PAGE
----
Grief vs. Bereavement: 3 Differences to Know

Generally, people tend to see grief and bereavement as the same thing. It’s sometimes hard to tell the difference between when someone is grieving and someone who is suffering bereavement when you don’t fully understand what the terms mean.

Subtle things differentiate one from the other, while others clearly define each. In general, grief is an emotional reaction to loss. And, bereavement is the time period that a person can grieve and mourn that loss. The two are often confused. Some differences to know are:

1.Time vs. emotion

This is one of the biggest differences in telling apart grief from bereavement. A person who has just been given the news that their loved one has died will suffer an emotional reaction to that loss. They may be in shock at hearing the news, they may lash out in anger, or begin to sob uncontrollably. These are all examples of an emotional response to that loss. These reactions are tied to grief. 

A person may grieve anywhere from several weeks to several years. They may be unable to function at work and ask for a few days of bereavement leave. The end of their bereavement leave and return to work does not signal the end of their grief. It just means that they’ve exhausted whatever time off their employer was obligated to give them.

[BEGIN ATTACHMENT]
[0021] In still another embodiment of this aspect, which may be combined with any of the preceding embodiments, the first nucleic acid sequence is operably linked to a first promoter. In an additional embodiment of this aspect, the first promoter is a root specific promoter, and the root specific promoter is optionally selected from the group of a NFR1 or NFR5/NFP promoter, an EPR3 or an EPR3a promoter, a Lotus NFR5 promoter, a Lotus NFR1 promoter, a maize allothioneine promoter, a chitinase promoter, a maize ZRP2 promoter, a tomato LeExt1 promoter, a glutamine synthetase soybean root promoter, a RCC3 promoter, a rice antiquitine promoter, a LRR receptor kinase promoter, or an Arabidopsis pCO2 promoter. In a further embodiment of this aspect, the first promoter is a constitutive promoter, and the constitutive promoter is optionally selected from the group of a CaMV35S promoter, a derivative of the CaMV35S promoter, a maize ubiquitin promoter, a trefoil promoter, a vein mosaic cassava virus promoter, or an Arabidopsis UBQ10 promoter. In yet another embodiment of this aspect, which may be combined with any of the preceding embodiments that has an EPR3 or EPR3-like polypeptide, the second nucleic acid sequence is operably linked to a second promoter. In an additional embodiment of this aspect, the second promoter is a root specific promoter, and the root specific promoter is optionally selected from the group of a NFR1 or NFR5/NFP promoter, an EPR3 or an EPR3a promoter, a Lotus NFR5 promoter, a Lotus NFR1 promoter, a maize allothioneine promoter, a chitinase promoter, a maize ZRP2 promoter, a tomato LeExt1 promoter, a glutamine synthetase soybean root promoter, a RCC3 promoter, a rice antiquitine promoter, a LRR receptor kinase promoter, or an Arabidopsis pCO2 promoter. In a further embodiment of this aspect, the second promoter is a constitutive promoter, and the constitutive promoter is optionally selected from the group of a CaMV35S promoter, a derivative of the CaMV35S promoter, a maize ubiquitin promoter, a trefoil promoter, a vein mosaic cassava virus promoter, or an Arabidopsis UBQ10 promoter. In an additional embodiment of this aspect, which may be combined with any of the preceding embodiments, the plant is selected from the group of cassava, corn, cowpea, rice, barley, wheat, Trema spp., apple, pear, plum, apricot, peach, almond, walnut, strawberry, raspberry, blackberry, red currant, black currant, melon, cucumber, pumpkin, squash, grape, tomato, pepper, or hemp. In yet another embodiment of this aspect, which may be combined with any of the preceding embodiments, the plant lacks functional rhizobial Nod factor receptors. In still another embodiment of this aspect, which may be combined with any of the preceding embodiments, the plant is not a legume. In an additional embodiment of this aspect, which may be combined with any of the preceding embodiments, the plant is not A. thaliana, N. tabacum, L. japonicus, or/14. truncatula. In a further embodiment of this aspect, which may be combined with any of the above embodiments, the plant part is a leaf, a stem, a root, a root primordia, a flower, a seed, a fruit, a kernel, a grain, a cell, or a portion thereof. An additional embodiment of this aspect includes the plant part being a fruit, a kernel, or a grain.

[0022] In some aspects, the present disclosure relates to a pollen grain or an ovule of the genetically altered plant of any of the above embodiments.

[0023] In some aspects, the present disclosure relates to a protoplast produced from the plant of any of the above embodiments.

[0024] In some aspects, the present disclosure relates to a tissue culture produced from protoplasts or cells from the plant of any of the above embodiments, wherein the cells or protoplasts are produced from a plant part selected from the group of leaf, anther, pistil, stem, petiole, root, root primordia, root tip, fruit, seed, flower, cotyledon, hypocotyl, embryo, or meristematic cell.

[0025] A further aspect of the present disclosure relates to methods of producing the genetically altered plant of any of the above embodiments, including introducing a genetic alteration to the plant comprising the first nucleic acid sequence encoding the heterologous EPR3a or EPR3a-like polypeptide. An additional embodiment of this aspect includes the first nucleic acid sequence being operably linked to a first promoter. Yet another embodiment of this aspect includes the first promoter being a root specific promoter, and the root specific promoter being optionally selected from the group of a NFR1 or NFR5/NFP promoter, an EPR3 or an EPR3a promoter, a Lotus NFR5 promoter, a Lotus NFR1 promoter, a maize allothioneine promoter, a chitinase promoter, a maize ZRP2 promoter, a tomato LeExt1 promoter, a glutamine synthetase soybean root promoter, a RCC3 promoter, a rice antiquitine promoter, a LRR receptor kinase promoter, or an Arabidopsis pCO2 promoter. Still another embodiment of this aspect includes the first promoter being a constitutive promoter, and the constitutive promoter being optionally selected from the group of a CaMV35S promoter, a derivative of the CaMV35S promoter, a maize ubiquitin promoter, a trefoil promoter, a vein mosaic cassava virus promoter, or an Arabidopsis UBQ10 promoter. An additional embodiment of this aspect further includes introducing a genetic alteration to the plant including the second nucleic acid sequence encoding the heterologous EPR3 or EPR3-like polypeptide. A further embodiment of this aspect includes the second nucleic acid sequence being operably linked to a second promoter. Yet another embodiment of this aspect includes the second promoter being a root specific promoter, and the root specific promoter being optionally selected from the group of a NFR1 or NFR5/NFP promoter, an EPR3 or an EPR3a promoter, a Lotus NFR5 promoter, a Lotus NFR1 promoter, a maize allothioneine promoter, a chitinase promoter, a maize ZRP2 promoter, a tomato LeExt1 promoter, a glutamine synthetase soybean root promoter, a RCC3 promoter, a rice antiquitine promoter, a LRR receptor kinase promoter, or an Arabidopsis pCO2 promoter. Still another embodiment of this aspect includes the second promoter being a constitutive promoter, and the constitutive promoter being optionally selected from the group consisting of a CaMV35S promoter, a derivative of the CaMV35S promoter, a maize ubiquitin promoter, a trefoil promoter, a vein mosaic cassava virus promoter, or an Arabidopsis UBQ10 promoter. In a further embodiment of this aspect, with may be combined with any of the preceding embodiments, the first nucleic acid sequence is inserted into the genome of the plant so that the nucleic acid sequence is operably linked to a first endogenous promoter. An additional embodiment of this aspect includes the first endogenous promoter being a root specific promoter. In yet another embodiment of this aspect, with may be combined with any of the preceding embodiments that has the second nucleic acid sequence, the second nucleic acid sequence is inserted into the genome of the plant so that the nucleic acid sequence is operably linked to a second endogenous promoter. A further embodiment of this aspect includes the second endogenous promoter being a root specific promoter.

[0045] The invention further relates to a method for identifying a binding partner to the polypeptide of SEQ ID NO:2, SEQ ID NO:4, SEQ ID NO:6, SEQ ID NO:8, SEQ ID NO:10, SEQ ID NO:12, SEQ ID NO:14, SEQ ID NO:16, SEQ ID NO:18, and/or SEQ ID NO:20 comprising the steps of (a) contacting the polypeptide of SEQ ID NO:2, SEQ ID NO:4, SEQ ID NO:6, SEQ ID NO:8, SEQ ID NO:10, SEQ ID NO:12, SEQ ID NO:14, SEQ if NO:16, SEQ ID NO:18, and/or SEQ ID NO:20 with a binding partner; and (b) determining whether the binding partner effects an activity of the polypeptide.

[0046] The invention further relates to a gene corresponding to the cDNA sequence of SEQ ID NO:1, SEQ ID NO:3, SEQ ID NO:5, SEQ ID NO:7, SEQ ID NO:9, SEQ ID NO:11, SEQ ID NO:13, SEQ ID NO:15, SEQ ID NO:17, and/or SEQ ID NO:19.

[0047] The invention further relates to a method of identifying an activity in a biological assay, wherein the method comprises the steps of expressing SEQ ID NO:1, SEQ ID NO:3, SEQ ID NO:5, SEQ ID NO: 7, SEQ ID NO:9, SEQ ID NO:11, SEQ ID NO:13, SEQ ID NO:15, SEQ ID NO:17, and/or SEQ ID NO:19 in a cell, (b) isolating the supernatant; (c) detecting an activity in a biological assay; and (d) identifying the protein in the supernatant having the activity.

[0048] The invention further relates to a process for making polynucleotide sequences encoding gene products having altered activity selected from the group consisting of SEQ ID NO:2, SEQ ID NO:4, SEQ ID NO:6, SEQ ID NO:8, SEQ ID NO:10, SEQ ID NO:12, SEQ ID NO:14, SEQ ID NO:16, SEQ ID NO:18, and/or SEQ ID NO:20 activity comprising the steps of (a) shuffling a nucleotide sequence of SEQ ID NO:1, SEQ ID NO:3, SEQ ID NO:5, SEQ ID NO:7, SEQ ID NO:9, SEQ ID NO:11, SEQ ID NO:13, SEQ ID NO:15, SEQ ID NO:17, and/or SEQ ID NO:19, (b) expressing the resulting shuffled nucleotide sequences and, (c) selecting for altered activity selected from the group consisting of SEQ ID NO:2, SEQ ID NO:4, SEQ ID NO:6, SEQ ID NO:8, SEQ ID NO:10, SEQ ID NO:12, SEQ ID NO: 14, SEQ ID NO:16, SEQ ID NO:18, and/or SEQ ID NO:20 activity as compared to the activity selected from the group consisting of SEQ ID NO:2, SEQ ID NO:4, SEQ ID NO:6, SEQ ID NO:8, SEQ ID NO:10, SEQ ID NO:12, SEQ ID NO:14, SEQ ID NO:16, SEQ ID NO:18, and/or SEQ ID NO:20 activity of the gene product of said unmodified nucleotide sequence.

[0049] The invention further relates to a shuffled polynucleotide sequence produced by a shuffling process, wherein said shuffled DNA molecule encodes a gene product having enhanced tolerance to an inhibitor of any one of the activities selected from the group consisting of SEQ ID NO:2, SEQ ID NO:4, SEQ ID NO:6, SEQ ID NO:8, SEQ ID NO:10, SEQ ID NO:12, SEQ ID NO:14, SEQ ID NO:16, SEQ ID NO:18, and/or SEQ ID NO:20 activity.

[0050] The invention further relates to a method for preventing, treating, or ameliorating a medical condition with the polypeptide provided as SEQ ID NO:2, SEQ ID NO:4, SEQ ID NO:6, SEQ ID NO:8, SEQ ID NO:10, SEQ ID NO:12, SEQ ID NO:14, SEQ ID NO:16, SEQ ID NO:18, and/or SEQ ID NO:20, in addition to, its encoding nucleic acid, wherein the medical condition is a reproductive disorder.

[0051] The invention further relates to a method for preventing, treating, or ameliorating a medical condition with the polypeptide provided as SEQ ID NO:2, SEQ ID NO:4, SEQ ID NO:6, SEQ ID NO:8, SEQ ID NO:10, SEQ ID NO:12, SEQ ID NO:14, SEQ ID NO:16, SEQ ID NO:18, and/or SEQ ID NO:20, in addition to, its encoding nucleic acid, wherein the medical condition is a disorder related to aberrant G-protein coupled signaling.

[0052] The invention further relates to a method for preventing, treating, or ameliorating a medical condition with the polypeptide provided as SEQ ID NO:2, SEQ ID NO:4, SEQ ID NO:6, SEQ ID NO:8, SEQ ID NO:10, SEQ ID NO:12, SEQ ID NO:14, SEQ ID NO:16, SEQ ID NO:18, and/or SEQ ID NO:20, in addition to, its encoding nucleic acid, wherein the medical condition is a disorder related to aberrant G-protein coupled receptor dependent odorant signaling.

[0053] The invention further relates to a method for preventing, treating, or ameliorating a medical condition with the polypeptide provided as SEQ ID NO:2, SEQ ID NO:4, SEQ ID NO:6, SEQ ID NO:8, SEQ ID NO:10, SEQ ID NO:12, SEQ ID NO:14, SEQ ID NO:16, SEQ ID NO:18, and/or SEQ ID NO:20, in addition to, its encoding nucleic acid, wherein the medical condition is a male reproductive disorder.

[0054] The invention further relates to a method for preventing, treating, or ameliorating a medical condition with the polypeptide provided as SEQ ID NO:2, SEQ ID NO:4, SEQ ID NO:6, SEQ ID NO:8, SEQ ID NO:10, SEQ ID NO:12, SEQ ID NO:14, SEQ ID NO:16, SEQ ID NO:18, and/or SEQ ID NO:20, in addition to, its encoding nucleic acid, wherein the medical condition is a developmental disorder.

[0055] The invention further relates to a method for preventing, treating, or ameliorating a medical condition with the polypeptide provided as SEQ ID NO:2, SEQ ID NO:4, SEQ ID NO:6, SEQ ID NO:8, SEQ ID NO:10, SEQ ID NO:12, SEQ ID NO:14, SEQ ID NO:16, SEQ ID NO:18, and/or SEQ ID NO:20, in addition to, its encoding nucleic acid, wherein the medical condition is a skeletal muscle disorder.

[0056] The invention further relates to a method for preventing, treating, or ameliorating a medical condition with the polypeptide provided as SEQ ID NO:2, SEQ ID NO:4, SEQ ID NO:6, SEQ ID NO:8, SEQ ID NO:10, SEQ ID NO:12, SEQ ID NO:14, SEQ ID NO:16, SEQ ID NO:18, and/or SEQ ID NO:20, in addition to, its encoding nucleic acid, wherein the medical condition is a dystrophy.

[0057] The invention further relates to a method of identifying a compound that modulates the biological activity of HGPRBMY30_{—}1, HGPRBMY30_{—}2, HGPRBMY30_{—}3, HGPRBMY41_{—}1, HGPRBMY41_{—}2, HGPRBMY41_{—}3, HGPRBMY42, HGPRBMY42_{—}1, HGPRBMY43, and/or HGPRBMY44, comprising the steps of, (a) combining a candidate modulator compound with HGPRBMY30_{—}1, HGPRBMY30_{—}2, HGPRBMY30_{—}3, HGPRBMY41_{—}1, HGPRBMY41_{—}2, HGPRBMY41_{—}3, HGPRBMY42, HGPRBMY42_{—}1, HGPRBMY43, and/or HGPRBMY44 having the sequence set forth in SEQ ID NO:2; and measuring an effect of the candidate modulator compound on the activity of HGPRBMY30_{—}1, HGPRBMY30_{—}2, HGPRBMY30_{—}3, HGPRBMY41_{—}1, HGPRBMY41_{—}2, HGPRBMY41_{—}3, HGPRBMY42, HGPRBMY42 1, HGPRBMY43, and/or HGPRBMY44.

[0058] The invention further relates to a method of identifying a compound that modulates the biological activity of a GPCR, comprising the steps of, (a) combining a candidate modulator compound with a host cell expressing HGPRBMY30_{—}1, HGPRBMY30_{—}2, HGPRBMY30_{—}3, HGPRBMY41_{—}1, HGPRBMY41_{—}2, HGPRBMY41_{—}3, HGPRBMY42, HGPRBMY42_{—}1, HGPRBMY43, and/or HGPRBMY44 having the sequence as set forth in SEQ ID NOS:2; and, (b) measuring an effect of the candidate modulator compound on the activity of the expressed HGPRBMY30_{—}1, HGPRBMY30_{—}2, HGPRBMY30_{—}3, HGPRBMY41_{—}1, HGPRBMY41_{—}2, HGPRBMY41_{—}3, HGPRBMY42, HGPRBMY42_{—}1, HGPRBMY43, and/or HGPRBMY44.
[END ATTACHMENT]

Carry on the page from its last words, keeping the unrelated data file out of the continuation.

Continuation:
Bereavement ends when the initial part of suffering and mourning ends. A person is said to be in bereavement for the time that it takes for them to process their grief and mourning. Eventually, there’ll be a shift in the person’s emotional state of being, and the bereavement period will end. 

2. Stages of grief vs. bereavement cycles

A person who suffers from grief will go through different stages of emotions as they learn to cope with their loss. There are five defined stages of grief that a person who’s grieving is expected to experience. Not everyone experiences all of the stages, and there’s no particular order that everyone follows. But what can be said about the stages of grief is that they all lead to the healthy resolution of grief.

A bereaved person will experience those stages when dealing with their grief, but will also experience changes in mood, emotions, and feelings as part of the cycle of bereavement. The two are closely tied and it’s sometimes difficult to pinpoint whether you’re bereaved or grieving. The best way to come to terms with this understanding is that bereavement comes in time cycles.